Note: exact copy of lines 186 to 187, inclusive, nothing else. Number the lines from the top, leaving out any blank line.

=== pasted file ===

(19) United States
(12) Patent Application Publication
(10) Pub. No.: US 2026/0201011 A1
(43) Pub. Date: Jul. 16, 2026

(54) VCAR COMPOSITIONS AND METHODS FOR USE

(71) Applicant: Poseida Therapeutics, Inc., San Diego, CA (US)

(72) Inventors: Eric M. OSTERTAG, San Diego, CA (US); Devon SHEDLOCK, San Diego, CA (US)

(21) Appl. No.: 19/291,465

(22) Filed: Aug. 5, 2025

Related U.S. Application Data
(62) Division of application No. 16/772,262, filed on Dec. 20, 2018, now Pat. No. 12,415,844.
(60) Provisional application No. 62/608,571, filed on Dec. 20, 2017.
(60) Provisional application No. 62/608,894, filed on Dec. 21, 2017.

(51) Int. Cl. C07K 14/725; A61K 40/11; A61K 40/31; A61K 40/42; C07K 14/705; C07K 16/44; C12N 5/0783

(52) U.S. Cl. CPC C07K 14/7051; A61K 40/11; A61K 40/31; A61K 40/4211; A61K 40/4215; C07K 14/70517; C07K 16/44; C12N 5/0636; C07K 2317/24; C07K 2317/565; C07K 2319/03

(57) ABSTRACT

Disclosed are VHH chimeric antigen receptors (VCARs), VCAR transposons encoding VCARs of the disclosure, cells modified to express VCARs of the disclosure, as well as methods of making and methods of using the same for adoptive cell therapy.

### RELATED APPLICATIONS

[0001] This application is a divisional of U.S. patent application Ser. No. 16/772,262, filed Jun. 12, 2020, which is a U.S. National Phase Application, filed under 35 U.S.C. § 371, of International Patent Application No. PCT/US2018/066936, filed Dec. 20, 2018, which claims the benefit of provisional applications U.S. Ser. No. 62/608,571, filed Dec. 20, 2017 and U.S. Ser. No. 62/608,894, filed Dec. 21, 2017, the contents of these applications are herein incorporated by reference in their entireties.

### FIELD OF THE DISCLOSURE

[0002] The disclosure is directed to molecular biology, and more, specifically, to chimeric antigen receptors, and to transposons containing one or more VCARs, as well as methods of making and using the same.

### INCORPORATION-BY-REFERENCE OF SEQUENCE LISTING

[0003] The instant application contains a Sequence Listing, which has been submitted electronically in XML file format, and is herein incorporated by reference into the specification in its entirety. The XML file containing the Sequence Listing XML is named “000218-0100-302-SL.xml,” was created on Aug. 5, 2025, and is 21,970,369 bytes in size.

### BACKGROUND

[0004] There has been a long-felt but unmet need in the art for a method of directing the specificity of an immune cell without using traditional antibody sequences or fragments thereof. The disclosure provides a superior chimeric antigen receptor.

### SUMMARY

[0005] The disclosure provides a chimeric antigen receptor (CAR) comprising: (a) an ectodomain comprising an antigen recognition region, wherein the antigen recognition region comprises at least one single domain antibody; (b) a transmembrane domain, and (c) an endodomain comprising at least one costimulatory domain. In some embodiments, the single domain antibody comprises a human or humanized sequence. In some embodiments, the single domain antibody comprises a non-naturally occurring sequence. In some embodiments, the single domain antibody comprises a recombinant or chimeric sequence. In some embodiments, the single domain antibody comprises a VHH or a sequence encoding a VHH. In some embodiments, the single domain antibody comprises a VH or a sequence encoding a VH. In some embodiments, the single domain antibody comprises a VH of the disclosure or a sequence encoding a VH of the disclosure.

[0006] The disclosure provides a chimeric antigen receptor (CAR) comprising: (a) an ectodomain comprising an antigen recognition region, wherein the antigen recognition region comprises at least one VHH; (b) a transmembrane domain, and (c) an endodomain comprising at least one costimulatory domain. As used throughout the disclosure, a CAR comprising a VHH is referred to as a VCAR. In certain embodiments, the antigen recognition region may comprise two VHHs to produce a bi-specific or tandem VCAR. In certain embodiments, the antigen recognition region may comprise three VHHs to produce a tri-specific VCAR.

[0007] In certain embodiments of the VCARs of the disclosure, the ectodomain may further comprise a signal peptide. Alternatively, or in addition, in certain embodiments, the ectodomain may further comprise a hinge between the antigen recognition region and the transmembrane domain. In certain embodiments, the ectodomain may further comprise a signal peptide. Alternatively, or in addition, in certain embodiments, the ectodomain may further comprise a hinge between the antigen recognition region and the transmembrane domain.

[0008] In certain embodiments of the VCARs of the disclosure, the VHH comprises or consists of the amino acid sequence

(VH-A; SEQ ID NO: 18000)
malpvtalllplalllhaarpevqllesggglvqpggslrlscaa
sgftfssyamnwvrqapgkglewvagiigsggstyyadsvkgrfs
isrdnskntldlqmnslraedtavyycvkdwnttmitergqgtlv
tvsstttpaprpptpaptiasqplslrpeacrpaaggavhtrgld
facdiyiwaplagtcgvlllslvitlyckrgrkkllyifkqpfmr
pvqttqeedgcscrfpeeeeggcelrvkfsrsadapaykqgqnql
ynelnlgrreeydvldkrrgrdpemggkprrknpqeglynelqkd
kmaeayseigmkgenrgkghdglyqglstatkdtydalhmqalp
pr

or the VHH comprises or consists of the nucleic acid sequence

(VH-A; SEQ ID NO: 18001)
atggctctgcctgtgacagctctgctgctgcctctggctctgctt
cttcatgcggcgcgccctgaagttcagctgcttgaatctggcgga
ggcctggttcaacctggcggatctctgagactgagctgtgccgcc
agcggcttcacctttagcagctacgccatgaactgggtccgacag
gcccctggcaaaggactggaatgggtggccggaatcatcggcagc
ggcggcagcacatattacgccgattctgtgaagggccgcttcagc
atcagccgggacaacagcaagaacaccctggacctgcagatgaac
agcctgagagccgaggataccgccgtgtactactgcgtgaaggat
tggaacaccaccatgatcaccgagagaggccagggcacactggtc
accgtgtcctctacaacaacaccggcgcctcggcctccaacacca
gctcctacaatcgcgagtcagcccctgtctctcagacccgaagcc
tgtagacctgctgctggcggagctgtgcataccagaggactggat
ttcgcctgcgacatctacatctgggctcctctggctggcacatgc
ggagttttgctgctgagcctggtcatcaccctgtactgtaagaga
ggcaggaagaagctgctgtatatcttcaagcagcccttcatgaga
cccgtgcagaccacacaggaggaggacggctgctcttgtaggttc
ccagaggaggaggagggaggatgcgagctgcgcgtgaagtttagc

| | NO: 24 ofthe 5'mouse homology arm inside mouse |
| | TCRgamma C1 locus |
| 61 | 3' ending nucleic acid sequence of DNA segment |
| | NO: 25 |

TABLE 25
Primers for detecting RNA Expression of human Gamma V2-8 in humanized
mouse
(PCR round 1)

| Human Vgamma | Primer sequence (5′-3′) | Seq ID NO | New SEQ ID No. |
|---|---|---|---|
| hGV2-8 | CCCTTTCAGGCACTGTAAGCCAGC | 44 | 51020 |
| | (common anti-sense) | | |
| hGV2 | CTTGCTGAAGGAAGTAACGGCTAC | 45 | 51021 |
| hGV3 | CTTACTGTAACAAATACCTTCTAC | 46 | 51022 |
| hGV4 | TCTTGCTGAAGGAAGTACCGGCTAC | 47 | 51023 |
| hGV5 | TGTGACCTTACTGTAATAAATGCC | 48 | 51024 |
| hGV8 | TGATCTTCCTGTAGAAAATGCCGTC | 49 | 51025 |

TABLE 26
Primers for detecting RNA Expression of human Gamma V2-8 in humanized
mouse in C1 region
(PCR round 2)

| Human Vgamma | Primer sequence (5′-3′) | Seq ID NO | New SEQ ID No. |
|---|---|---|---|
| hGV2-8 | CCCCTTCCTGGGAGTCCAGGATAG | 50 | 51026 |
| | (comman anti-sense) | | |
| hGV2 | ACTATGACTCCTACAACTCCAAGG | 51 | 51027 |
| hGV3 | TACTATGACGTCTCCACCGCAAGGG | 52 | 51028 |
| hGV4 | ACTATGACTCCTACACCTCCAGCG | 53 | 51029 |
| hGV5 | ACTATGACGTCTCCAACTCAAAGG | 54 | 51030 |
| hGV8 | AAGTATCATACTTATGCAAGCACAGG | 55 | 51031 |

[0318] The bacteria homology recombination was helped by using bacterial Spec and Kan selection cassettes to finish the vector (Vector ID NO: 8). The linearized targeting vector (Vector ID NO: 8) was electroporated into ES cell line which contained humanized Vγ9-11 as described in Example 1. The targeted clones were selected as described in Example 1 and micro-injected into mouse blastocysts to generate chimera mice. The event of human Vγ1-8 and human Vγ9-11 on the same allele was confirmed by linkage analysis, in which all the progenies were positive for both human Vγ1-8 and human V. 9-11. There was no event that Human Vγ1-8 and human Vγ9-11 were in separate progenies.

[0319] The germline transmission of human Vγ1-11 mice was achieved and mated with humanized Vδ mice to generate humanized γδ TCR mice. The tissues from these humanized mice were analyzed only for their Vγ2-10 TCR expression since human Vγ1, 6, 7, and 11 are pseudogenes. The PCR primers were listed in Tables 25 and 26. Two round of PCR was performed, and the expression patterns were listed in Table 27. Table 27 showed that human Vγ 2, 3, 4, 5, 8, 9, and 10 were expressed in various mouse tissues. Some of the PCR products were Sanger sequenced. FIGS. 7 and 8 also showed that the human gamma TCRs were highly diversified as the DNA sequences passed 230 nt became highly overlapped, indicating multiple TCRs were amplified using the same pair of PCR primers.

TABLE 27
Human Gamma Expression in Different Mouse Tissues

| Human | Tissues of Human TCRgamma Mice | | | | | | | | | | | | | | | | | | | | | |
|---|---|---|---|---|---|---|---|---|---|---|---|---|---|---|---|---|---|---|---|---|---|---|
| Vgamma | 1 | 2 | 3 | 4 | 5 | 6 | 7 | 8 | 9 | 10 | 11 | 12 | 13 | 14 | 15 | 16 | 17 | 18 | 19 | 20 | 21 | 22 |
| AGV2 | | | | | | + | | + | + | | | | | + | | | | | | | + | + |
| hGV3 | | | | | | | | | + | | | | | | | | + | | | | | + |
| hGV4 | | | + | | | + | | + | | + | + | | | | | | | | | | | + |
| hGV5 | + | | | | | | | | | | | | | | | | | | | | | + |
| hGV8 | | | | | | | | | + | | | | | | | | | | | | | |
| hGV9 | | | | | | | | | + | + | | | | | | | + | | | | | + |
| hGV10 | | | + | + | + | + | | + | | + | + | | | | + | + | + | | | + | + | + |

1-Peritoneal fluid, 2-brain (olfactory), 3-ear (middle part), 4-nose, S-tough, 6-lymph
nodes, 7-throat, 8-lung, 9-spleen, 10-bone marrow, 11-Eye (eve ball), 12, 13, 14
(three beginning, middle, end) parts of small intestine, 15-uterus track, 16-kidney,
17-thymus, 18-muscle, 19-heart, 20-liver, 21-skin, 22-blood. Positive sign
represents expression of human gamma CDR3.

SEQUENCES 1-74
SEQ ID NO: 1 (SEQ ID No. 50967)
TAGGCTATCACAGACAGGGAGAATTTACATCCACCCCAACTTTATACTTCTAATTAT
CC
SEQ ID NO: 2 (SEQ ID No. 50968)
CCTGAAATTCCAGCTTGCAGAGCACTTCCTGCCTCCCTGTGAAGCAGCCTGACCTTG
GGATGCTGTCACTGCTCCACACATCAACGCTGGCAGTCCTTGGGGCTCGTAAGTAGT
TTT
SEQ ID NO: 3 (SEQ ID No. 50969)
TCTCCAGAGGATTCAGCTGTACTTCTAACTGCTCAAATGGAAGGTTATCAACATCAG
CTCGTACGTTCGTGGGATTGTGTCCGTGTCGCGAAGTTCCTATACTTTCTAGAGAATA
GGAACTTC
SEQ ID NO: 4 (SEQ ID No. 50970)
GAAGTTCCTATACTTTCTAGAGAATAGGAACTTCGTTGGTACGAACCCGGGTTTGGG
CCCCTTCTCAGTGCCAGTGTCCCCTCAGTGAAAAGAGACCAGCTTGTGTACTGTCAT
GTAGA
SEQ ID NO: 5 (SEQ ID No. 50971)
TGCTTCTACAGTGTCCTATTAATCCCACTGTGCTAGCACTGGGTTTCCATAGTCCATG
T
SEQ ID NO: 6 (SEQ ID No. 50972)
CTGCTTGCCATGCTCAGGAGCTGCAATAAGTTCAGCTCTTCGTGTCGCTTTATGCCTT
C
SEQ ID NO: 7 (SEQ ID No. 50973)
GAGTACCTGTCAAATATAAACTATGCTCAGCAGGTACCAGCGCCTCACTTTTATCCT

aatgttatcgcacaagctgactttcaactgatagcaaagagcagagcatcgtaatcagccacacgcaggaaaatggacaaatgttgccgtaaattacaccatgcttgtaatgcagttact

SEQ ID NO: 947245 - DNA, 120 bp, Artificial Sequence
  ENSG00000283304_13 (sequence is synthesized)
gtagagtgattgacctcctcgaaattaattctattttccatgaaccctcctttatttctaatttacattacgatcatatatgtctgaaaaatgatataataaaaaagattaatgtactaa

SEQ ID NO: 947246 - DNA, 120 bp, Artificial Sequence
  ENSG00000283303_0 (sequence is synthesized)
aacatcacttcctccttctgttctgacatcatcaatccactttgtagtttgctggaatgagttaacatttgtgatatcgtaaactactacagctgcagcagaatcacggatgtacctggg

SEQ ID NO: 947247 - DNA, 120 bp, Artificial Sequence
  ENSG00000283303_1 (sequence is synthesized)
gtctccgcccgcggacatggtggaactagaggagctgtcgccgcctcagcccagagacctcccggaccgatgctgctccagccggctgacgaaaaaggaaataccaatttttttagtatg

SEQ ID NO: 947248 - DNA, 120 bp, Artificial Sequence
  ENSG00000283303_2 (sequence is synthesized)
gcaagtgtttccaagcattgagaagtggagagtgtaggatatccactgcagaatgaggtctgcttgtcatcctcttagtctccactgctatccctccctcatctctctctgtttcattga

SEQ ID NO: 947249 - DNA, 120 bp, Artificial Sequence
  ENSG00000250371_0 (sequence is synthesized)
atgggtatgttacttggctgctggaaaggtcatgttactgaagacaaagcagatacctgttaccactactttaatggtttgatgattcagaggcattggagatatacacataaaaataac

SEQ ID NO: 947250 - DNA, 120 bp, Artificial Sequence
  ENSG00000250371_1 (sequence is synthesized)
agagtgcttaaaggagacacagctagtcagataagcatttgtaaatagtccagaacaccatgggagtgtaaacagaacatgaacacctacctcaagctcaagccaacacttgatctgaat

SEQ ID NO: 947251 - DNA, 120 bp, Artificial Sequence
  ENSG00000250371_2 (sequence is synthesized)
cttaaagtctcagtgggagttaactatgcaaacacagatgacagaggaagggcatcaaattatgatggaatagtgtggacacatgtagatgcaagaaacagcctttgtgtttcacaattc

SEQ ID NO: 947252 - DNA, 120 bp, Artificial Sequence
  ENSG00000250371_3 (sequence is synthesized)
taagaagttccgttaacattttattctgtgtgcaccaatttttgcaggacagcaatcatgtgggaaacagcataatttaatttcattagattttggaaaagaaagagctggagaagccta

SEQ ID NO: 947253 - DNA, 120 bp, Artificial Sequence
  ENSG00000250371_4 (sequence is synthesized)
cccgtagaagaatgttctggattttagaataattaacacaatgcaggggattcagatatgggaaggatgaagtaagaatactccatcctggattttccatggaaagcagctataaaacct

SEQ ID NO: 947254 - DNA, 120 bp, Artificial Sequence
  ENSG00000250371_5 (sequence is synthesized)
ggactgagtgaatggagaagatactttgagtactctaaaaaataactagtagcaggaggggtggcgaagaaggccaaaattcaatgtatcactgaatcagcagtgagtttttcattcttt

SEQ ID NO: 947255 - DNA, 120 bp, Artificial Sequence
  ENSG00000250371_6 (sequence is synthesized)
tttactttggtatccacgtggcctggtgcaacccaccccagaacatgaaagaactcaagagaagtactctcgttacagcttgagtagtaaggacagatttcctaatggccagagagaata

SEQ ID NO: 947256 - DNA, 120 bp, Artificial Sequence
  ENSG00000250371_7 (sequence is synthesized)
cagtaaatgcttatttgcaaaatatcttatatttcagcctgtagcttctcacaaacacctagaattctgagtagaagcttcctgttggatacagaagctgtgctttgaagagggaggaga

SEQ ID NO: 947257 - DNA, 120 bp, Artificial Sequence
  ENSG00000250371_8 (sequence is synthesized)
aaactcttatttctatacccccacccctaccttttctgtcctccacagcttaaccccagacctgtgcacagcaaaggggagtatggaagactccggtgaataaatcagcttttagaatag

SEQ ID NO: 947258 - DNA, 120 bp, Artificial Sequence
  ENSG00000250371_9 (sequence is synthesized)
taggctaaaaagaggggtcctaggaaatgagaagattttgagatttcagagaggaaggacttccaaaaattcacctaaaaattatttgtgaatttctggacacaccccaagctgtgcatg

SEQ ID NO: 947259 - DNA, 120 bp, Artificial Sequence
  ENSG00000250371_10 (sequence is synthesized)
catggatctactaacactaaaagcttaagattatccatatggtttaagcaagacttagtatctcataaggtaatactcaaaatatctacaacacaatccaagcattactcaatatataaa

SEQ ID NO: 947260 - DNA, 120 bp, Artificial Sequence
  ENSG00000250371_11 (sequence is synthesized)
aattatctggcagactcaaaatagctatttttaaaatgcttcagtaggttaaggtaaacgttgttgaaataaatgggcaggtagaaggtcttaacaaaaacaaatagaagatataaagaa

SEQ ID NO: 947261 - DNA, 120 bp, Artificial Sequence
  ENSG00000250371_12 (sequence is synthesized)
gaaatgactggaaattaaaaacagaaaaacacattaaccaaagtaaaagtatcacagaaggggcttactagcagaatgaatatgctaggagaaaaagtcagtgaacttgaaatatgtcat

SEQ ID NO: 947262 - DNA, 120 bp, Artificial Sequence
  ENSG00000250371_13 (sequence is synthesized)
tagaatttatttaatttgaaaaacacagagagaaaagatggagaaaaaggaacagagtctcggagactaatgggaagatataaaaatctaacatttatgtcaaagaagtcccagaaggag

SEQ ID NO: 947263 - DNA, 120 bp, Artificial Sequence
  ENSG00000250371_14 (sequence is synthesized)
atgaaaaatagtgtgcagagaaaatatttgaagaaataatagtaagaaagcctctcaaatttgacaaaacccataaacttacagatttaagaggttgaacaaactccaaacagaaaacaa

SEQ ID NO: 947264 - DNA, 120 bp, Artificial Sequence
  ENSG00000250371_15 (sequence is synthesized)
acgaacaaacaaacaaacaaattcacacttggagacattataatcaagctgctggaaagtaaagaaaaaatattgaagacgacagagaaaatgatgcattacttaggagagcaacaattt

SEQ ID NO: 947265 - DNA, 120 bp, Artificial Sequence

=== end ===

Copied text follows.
  ENSG00000250371_13 (sequence is synthesized)
tagaatttatttaatttgaaaaacacagagagaaaagatggagaaaaaggaacagagtctcggagactaatgggaagatataaaaatctaacatttatgtcaaagaagtcccagaaggag